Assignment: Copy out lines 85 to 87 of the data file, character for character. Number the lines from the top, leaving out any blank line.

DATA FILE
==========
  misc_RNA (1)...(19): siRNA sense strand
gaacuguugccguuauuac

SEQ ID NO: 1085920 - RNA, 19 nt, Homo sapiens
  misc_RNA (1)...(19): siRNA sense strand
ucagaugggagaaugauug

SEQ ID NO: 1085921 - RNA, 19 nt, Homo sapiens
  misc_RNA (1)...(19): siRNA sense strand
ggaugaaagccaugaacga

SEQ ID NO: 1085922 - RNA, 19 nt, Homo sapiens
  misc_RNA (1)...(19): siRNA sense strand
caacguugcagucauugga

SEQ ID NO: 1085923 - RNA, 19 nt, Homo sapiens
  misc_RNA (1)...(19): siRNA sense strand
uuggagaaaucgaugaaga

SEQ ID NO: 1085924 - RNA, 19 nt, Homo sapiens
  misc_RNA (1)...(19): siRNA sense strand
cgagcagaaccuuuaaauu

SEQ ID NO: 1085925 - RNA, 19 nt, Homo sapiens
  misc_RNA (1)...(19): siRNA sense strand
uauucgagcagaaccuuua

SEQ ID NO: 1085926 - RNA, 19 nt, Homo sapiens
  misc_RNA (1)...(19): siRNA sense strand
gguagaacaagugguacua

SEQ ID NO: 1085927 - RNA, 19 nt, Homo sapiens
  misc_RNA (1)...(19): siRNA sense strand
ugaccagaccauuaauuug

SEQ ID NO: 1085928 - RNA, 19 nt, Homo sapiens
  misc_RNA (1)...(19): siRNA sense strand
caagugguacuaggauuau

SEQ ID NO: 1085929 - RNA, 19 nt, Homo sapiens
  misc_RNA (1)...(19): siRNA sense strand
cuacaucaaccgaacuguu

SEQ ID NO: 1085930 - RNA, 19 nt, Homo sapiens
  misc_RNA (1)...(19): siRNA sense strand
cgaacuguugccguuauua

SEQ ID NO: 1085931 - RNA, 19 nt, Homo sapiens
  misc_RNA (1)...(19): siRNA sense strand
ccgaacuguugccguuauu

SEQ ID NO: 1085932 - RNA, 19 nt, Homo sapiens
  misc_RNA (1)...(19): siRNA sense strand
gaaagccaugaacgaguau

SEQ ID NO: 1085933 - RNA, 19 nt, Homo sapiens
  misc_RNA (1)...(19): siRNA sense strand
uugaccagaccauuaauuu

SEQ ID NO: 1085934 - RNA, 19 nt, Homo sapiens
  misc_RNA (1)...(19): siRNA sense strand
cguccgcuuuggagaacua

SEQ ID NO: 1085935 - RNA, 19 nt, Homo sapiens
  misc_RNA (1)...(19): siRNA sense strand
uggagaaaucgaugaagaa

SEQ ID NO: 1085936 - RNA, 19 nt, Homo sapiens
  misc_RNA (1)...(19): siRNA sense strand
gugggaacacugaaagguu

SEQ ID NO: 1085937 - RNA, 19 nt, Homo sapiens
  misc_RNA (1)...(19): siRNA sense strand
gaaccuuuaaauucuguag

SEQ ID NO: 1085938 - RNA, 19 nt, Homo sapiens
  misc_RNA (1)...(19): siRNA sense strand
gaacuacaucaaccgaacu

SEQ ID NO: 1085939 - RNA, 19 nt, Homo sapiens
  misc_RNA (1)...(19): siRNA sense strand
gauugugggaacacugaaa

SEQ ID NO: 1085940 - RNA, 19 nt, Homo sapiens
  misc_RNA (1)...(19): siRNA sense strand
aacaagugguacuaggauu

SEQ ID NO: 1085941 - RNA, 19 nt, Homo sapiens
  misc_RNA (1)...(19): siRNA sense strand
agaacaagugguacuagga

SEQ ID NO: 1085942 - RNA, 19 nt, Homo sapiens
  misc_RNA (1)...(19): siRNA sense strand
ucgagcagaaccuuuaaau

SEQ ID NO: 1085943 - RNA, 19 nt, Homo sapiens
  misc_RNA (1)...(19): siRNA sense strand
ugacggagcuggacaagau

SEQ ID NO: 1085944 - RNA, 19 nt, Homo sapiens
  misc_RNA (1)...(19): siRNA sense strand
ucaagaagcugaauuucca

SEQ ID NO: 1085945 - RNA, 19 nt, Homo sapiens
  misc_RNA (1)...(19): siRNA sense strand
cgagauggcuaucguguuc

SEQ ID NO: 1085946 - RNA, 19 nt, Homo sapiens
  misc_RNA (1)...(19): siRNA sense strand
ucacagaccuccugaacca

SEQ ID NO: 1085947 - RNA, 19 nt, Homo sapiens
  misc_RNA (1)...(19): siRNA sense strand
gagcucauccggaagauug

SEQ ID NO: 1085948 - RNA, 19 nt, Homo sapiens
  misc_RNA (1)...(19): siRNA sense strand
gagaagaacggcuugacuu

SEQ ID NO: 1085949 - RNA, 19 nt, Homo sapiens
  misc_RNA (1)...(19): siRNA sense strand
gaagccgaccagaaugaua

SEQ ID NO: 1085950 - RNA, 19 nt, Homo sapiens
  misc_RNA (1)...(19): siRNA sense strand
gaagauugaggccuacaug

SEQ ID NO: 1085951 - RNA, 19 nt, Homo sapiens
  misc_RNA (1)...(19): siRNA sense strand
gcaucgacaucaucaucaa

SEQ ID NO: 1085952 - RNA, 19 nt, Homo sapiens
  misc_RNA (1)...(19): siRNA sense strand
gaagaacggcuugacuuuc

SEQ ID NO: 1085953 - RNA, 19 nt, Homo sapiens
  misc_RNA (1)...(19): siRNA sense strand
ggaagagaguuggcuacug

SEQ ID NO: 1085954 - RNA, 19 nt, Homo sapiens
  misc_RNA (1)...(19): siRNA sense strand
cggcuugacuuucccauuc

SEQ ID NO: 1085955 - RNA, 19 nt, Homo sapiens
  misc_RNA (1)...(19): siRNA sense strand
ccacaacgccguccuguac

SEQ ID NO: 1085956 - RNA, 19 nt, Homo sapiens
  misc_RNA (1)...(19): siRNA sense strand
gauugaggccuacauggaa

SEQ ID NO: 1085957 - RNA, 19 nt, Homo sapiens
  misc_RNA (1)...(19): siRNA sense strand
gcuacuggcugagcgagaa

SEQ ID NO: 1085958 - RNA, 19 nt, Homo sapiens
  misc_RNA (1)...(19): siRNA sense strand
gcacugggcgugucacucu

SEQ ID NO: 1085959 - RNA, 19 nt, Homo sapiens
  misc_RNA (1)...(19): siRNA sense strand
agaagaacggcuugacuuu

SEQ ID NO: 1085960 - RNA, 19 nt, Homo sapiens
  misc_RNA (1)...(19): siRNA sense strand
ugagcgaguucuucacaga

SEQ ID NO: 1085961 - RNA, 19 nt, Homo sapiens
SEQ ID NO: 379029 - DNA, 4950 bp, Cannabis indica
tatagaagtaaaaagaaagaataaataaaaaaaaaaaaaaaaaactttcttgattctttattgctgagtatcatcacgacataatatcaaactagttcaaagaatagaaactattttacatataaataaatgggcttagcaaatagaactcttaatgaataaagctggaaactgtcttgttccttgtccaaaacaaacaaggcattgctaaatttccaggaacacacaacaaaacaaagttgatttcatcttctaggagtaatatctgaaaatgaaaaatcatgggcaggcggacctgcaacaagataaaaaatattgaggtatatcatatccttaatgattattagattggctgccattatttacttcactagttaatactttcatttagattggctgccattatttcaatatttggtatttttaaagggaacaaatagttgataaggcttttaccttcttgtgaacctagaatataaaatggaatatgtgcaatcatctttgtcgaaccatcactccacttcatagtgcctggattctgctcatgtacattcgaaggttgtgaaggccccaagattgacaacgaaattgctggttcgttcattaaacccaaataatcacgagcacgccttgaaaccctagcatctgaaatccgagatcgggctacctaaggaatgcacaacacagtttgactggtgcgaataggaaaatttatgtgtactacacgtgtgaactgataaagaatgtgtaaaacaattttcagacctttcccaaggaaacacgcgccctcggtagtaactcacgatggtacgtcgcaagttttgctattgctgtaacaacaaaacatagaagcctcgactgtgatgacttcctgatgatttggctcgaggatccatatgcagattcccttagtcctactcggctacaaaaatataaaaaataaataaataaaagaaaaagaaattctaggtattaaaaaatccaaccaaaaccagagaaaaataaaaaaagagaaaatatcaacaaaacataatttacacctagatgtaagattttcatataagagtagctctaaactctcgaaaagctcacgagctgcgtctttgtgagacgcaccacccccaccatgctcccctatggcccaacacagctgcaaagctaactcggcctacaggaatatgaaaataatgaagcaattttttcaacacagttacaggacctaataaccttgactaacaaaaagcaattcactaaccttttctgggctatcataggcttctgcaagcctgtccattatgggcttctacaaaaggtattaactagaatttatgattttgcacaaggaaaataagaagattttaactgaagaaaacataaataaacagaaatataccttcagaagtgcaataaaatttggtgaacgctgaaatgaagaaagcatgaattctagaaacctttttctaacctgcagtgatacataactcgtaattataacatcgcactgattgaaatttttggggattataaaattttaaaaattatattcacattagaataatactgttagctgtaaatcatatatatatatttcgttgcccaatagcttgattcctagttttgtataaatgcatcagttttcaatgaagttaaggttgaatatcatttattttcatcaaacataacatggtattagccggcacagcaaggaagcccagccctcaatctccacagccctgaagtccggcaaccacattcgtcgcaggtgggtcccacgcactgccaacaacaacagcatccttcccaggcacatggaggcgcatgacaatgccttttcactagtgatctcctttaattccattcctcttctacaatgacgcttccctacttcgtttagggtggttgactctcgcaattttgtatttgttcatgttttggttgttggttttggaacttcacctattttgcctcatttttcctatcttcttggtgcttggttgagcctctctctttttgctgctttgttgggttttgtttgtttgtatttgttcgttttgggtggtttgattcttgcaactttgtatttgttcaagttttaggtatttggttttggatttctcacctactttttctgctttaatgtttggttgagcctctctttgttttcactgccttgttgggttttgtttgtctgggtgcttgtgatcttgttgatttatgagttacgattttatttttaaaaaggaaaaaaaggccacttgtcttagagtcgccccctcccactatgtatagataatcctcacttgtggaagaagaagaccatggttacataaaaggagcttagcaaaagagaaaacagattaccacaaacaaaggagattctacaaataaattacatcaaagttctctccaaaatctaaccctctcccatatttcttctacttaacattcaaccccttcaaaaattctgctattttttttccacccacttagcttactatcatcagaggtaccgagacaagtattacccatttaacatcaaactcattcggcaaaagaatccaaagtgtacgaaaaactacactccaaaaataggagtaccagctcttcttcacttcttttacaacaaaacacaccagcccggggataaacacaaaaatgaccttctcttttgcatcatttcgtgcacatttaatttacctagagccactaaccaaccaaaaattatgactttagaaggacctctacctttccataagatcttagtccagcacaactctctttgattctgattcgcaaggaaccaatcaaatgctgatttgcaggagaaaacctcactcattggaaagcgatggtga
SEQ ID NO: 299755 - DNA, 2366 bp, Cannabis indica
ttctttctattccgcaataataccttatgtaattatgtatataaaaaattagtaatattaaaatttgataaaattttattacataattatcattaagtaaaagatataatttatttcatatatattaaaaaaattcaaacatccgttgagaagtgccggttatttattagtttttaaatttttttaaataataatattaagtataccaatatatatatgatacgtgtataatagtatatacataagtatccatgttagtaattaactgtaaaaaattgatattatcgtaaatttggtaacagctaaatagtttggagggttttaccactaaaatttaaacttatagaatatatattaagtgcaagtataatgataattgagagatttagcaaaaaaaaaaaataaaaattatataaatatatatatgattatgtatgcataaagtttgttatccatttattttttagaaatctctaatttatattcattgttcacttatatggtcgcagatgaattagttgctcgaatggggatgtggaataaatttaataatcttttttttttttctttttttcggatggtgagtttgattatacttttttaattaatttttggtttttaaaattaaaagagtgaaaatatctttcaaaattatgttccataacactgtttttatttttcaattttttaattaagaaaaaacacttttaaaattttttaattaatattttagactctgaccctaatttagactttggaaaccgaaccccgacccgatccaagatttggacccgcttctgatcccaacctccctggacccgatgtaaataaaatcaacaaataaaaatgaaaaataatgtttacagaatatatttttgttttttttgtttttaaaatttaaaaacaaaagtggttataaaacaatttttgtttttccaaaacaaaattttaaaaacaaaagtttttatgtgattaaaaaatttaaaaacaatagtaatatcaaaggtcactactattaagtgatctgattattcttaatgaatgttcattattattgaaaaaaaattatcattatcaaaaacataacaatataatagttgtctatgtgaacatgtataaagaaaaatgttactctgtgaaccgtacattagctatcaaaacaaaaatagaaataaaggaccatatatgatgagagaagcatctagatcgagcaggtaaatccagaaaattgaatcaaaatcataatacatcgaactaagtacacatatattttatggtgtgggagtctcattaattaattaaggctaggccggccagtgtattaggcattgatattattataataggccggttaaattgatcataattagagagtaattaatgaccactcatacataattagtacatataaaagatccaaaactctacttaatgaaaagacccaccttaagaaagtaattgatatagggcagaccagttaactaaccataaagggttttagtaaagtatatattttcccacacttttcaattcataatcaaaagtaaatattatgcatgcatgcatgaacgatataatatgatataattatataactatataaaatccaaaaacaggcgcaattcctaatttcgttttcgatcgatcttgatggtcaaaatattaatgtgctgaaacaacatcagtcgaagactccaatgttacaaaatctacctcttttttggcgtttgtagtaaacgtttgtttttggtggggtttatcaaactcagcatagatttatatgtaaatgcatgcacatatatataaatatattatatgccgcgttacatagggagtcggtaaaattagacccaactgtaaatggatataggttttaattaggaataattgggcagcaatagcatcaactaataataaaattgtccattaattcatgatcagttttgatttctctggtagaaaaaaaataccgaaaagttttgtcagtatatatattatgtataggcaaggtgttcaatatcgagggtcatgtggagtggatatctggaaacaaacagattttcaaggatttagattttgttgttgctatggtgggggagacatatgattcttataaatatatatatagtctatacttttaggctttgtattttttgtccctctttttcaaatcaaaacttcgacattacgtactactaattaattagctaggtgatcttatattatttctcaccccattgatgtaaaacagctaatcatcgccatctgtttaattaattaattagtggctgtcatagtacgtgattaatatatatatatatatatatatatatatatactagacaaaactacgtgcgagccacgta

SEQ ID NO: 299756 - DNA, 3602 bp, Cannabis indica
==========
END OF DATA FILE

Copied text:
  misc_RNA (1)...(19): siRNA sense strand
gagcucauccggaagauug

SEQ ID NO: 1085948 - RNA, 19 nt, Homo sapiens